In our previous post OBD-trackers – how big is the danger? we have argued that OBD trackers, that are connected directly to CANbus of the vehicle, can be dangerous. Some readers commented that the whole topic is a scaremongering and danger is not so big, if even real. And after all, none of this ever happened to date. But it is either a wishful thinking or like arguing that patient never died before, so guess what – he will live forever.

So we stand firmly behind my argument – and want to bring some real-life evidence.

First, let’s recap what it is it all about – we said that OBD trackers are dangerous from 2 major standpoints:

  • either internal failure might cause disruption on the network – main reason why service companies are not happy when regular GPS tracker is connected directly to the CANbus,
  • or intentional interference from outside – simply put – hacking attack.

Why hacking is not merely about stealing your data, but about causing real and imminent danger? Many telematics devices, installed in a car, have a possibility of remote firmware update. It is necessary to adjust what device can do on different vehicles, adjust to specific modifications of the car without the need of physically sending a technician there; it is just so much easier to work with.

So what we have as a result?

A device, that is connected to the internet with 2-way communication, a possibility of changing the firmware remotely, and direct, unobstructed connectivity to the very brains of the vehicle – CANbus network.

Let’s just have a look on one example – in 2015 Wired performed a test with a connected car – Jeep.

It was hacked by 2 car security enthusiasts via in-built infotainment system. They were able to switch on/off air conditioning, a volume of music and windshield wipers and windshield water dispensers, which is annoying enough (just have a look on the video below), but more importantly – they switched off the brakes and engine while the vehicle was driving on a highway – remotely.

So what happened there? An infotainment system is in a way very similar to a modern tracking device – it has internet connectivity, connectivity to CANbus and can be reprogrammed. If a standard device is connected to CANbus – 100% sure it can send messages to the network.

“Hackers” in this example first needed to break into the system itself, and it is probably not the easiest job – it is part of the professionally assembled car! And even then, access was gained. Now to mass-market OBD trackers – are they putting enough effort in protecting devices? And even then – with enough determination, it is possible.

Obviously, some cars are easier to hack than other, some will require sophisticated hacking techniques. But it is not hard to imagine – a GPS tracking company gets hacked, along with its database of vehicles, with their locations, current speeds, and also- access codes to firmware updates.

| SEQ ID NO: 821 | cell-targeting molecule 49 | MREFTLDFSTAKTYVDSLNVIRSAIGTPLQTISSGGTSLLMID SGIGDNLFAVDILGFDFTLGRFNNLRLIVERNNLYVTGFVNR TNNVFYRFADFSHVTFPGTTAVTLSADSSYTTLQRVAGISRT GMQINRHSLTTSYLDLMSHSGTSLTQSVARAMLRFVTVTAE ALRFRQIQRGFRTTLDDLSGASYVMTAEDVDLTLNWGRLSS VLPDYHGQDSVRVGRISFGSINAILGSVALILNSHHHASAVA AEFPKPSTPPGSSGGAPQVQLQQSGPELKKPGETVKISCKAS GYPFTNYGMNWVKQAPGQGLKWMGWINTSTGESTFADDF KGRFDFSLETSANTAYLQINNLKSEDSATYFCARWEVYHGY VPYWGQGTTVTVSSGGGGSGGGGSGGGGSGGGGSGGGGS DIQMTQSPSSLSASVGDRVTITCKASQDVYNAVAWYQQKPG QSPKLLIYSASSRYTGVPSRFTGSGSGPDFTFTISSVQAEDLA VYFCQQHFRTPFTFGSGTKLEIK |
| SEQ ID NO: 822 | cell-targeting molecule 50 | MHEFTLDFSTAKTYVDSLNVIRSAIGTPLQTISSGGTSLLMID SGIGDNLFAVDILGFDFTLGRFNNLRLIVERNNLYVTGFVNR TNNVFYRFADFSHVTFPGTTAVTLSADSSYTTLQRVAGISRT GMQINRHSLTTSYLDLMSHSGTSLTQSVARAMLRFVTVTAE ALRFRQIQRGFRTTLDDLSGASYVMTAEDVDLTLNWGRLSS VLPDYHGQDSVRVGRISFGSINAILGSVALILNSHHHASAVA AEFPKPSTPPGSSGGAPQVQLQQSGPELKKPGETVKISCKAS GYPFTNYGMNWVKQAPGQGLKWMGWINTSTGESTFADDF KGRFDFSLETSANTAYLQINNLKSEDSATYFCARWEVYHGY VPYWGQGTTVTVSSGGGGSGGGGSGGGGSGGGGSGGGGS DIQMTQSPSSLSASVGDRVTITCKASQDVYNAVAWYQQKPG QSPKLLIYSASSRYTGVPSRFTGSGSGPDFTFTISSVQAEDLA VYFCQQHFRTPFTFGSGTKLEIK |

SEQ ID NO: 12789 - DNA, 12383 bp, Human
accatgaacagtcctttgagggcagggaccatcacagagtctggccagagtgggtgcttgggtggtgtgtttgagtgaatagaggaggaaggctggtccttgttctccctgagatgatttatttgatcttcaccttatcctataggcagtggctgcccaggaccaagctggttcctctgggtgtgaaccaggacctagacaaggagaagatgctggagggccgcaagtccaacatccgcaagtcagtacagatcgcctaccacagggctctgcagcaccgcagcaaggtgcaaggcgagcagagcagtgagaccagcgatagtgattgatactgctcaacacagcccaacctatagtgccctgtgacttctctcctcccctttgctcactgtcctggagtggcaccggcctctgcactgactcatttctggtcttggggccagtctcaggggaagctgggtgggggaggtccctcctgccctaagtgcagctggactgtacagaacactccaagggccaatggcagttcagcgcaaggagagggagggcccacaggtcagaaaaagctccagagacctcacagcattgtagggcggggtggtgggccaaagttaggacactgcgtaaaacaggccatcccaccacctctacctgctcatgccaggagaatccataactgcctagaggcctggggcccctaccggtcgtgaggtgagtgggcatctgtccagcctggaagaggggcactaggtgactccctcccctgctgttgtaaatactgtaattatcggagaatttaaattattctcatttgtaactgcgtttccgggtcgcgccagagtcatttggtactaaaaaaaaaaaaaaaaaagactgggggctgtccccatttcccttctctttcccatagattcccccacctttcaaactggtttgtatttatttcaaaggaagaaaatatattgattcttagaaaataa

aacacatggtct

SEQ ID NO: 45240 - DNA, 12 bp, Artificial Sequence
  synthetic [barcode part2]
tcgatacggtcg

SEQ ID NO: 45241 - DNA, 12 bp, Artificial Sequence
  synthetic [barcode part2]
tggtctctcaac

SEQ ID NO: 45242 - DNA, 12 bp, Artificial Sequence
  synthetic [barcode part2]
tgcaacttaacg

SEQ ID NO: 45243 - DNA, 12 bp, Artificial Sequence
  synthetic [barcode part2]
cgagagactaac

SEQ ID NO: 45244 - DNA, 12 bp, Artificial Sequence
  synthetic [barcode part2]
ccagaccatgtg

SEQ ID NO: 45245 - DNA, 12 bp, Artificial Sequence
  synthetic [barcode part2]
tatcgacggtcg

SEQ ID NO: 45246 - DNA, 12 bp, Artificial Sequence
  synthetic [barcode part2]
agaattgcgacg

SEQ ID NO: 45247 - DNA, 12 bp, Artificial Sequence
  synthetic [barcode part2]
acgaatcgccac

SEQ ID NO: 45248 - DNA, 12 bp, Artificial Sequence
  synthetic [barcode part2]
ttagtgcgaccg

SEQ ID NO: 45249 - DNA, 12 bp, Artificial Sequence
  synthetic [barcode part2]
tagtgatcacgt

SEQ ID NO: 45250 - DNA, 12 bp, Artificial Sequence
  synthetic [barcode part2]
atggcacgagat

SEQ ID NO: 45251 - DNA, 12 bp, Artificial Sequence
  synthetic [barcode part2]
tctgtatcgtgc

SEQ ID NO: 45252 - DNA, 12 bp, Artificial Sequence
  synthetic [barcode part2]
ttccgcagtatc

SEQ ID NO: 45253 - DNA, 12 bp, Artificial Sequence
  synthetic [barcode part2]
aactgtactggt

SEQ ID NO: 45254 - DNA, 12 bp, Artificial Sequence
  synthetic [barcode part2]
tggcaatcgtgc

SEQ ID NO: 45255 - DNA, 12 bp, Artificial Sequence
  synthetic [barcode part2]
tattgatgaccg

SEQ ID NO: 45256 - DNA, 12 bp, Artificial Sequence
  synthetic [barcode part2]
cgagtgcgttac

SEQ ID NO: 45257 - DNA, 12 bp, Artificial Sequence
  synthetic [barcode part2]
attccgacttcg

So, let’s say, a company has 100 000 connected cars with several models of OBD trackers. These models are freely available for purchase, that means they can be studied in advance. Hackers study just one model and now know how to send specific messages to CANbus. Then there are different cars with this particular device, but some of them have known vulnerabilities, or their “language” is open source – those are the first targets right from the spot.

Hackers would focus on this model, and send disruptive commands. Or send dozens, hundreds of commands to all vehicles and hope some models will react – brute-force approach is not the worst option to do some damage. Just send to everyone – some will definitely fall. Just like in “good old” computer hacking – some will definitely fall.

And lets all really hope they would just switch the radio to some awful music…

Just to be clear – we am not advertising or campaigning for a total ban on connected cars and additional internet-powered devices for automotive industry. Benefits are really and truly enormous. In the end – it is the business we am directly involved at! But we must be very careful with the security of real things, that CAN kill us, directed by people, willing and able to do so. We should press manufacturers to think about and work on this topic more.

Honestly, really don’t want to find ourselves on German autobahn at 200km/h with switched off brakes because car was influenced from outside! That why we need some kind of a physical firewall for connected cars – we will look into such possibility in next posts.